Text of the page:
Pretty and peaceful, Nova Scotia is Canada’s second smallest province, a peninsula on the eastern edge of the Canadian mainland. But its lengthy coastline is dotted with fishing harbors, sandy beaches, and plump islands. The scenery varies greatly, from the foggy Atlantic Ocean in the southeast to the tidal salt marshes of the Bay of Fundy in the west and Gaelic highlands of Cape Breton to the north.
In these maritime latitudes, Nova Scotia has a pleasantly breezy if rather damp climate. Summer is bright and sunny, but weather conditions can often cause fog, with snow in winter.
Halifax is the capital and largest city. In 1604, the French, including Samuel de Champlain, settled the Annapolis Valley, founding Port-Royal, the first lasting European settlement north of Florida. They called it Acadia, a name that is now used to refer to all French settlement in the Maritimes. Find the best places to visit in this fascinating province with our list of the top attractions in Nova Scotia.
A 300-kilometer scenic drive rings the northwest coast of Cape Breton Island and Cape Breton Highlands National Park. It is a coastal route, where the highest mountains in Nova Scotia dramatically meet the Gulf of St. Lawrence. Cliffs, beaches, viewpoints, and a twisting road give countless photo opportunities, and this is a very popular motorcycle tour route.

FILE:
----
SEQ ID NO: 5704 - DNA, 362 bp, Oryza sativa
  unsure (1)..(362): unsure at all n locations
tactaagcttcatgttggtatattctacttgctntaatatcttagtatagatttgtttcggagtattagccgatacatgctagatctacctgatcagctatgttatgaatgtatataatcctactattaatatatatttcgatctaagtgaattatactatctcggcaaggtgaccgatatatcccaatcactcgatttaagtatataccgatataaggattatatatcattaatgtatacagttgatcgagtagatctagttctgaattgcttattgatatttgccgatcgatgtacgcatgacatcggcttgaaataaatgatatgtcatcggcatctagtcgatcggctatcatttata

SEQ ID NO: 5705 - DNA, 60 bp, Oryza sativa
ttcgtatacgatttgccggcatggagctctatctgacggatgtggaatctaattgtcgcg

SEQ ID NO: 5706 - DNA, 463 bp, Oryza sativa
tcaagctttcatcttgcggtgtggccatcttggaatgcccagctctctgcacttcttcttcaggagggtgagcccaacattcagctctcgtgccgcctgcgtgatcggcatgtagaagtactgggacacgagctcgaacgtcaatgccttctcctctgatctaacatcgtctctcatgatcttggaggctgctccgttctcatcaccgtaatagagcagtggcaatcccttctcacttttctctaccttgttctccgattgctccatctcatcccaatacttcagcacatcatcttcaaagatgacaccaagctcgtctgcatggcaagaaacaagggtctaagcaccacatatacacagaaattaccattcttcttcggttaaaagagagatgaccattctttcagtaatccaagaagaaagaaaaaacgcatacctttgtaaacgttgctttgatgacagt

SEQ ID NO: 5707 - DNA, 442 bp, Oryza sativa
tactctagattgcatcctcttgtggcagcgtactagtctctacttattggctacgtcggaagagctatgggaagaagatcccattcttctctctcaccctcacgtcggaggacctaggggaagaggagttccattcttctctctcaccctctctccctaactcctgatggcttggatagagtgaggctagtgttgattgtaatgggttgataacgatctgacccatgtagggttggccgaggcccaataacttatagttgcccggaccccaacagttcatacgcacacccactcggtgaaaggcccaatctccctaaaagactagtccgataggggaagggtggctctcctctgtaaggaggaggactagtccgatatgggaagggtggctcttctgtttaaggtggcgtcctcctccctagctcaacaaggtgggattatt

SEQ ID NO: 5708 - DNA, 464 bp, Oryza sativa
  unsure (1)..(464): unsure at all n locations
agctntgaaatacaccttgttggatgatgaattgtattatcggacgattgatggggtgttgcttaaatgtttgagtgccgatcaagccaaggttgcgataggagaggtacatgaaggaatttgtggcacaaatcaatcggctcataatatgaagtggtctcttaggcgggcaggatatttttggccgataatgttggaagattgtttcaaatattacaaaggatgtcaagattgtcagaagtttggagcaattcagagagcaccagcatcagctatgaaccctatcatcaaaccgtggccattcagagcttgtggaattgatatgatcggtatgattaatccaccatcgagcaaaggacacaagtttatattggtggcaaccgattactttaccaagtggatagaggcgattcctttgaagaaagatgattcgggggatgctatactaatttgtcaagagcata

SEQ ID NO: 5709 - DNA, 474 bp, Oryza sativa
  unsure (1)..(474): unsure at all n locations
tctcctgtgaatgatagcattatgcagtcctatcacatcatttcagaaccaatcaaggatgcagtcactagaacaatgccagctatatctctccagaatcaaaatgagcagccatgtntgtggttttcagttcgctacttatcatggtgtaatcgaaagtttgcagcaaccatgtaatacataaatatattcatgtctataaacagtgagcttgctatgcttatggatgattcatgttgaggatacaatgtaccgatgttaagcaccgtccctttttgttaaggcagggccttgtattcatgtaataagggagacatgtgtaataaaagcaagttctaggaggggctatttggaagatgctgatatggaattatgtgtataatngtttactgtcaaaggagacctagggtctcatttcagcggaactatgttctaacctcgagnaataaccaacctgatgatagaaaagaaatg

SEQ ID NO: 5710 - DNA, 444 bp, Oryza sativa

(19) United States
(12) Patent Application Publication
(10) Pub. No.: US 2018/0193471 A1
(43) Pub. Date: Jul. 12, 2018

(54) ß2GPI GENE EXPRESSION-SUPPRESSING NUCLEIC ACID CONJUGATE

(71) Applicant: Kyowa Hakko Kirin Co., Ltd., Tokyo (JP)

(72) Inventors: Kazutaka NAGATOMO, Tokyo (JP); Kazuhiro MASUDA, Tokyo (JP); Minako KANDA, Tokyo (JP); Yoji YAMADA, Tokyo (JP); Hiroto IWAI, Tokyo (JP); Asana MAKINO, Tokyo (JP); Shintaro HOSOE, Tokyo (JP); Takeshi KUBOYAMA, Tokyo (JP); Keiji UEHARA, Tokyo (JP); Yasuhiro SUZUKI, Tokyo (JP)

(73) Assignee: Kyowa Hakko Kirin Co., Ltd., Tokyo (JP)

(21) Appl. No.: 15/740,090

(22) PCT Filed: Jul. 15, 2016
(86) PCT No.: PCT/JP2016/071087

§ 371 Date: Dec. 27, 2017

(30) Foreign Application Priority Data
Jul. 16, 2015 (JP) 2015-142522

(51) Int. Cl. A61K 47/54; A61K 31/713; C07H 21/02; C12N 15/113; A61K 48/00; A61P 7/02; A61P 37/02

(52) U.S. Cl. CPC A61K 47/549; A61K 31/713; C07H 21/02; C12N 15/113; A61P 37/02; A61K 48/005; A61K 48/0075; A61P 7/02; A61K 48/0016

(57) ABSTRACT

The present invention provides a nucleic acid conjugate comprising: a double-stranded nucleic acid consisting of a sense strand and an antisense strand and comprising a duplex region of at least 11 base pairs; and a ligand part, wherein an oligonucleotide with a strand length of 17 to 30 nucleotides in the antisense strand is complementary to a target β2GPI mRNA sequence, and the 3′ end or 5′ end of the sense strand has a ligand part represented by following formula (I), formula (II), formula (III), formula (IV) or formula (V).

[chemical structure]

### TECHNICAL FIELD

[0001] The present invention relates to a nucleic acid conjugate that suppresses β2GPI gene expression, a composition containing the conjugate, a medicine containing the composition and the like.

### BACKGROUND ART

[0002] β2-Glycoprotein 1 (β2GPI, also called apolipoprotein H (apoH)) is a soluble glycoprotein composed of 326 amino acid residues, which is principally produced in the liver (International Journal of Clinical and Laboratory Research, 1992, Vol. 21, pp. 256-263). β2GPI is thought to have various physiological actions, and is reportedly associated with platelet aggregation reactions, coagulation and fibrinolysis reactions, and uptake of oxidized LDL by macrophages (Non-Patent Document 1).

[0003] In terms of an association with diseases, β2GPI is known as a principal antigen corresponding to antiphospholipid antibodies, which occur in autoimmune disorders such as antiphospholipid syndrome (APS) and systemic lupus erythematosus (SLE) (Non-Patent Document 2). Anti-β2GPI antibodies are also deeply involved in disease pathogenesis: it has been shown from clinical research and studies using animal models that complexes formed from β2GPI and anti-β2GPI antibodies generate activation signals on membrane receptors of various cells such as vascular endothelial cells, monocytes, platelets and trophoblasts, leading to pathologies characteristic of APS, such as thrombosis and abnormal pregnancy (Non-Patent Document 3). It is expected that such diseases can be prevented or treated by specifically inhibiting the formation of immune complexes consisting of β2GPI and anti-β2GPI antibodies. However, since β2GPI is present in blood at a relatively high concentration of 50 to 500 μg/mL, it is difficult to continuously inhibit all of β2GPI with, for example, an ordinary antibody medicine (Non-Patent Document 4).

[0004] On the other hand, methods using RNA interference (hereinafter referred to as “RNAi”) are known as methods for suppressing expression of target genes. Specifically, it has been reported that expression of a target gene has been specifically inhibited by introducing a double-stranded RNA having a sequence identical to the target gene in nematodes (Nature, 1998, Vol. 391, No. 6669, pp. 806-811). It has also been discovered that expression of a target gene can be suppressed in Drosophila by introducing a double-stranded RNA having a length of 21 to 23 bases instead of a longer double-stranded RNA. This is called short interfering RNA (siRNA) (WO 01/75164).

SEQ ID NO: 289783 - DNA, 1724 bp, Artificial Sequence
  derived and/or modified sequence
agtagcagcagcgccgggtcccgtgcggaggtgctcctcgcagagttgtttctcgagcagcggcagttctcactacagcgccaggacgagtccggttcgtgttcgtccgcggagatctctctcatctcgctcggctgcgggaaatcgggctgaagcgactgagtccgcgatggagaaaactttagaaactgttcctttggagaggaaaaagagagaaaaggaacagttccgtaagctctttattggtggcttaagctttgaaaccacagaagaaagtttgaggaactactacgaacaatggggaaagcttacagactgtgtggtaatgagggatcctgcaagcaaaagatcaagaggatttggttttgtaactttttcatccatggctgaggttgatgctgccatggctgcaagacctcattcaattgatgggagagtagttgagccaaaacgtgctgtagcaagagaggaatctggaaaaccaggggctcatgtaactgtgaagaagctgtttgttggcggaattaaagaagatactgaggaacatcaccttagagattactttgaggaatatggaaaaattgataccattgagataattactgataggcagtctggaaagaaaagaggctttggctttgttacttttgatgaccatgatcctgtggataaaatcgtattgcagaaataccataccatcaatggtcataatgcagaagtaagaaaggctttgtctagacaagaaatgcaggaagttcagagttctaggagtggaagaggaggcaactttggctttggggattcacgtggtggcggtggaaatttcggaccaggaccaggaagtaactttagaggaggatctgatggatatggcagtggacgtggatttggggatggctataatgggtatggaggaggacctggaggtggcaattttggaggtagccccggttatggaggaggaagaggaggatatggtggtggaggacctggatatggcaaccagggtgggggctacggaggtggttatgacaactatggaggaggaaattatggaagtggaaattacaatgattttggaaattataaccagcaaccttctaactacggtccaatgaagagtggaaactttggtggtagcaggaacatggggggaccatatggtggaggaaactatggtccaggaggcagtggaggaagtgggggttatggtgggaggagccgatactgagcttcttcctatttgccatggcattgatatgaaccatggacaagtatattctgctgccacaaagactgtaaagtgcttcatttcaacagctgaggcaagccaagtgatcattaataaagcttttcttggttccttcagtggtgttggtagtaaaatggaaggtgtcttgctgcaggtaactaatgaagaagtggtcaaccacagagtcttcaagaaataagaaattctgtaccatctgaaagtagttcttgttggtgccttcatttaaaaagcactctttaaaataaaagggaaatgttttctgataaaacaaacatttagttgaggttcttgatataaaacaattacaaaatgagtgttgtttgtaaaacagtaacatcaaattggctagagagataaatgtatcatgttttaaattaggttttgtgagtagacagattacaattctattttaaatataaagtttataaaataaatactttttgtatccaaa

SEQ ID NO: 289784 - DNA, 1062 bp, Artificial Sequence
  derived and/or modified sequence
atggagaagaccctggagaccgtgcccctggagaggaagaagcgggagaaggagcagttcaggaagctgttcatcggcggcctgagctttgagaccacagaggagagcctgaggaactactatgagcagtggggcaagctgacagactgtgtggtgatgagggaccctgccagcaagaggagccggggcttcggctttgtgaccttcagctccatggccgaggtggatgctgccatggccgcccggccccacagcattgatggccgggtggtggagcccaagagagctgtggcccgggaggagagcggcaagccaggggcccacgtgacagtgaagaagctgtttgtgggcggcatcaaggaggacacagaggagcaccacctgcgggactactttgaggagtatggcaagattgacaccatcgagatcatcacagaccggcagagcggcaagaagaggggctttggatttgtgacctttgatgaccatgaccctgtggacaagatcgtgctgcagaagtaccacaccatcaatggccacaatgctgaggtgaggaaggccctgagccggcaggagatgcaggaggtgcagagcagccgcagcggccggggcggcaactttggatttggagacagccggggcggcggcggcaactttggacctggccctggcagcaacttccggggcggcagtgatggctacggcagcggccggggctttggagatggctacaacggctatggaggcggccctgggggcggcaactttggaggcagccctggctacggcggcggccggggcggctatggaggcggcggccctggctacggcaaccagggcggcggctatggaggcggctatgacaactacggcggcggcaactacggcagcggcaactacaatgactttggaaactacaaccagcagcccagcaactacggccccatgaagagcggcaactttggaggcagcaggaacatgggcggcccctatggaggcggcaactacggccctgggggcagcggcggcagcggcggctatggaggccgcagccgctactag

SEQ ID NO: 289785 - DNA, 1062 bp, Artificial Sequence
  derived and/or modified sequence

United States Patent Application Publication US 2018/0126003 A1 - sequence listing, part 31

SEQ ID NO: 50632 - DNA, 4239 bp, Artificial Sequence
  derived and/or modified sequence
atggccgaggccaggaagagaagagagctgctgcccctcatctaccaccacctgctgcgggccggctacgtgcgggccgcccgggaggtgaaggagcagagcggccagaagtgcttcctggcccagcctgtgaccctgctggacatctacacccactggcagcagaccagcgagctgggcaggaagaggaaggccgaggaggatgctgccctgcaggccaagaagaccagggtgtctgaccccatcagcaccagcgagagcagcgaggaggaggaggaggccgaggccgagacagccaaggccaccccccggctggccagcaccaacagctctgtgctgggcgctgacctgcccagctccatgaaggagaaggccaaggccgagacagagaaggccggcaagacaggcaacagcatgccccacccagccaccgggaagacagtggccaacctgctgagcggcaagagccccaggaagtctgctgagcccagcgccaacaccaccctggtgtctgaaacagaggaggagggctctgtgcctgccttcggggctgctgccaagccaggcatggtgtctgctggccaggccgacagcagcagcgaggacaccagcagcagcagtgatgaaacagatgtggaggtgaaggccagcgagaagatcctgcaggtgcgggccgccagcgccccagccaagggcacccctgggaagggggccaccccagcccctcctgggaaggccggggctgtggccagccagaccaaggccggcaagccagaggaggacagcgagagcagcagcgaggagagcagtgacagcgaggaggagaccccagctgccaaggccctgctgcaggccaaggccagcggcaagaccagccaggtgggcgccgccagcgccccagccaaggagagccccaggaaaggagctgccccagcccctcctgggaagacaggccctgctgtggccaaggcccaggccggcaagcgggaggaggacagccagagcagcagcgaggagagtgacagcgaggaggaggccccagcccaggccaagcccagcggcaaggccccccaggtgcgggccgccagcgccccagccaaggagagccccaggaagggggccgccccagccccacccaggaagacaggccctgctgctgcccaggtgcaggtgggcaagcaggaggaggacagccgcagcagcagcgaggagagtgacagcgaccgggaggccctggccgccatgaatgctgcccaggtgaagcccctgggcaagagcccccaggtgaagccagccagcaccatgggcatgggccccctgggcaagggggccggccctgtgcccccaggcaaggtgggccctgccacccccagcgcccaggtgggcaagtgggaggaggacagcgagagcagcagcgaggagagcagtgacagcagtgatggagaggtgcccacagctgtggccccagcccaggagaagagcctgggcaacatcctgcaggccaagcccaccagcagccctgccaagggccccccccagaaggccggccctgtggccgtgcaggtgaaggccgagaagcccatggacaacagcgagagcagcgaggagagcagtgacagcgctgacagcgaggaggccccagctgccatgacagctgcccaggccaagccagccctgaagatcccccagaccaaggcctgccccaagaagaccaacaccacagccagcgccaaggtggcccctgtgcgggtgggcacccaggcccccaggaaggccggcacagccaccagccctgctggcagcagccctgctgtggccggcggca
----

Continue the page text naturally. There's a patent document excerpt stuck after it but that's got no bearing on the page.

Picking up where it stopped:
Many small communities and tourist attractions line the route, including a variety of local artisans and unique shops. Hiking is one of the popular things to do. There are also many excellent hiking trails, and tourists can either hike on their own or hire a local guide to show them the best spots.
Cabot Trail unofficially begins and ends in Baddeck, home to the father of the telephone, Alexander Graham Bell. Autumn is a favorite time to drive the Cabot Trail owing to the region’s vibrant fall colors.
2. Peggy’s Cove
About 43 kilometers southwest of Halifax, the fishing village of Peggy’s Cove has a back-in-time feel. Peggy’s Point Lighthouse, one of Canada’s most photographed lighthouses, sits on the foggy Atlantic Coast marking a perilous point. Stark, wave-battered granite bluffs surround the lighthouse, and tourists should exercise extreme caution if exploring the rocky shoreline. Fishing wharves and boathouses line the shore of this active fishing community, and colorful heritage homes and art galleries line the winding road.
This is an extremely popular day-trip destination from Halifax, so be prepared for crowds of tourists, especially near the lighthouse.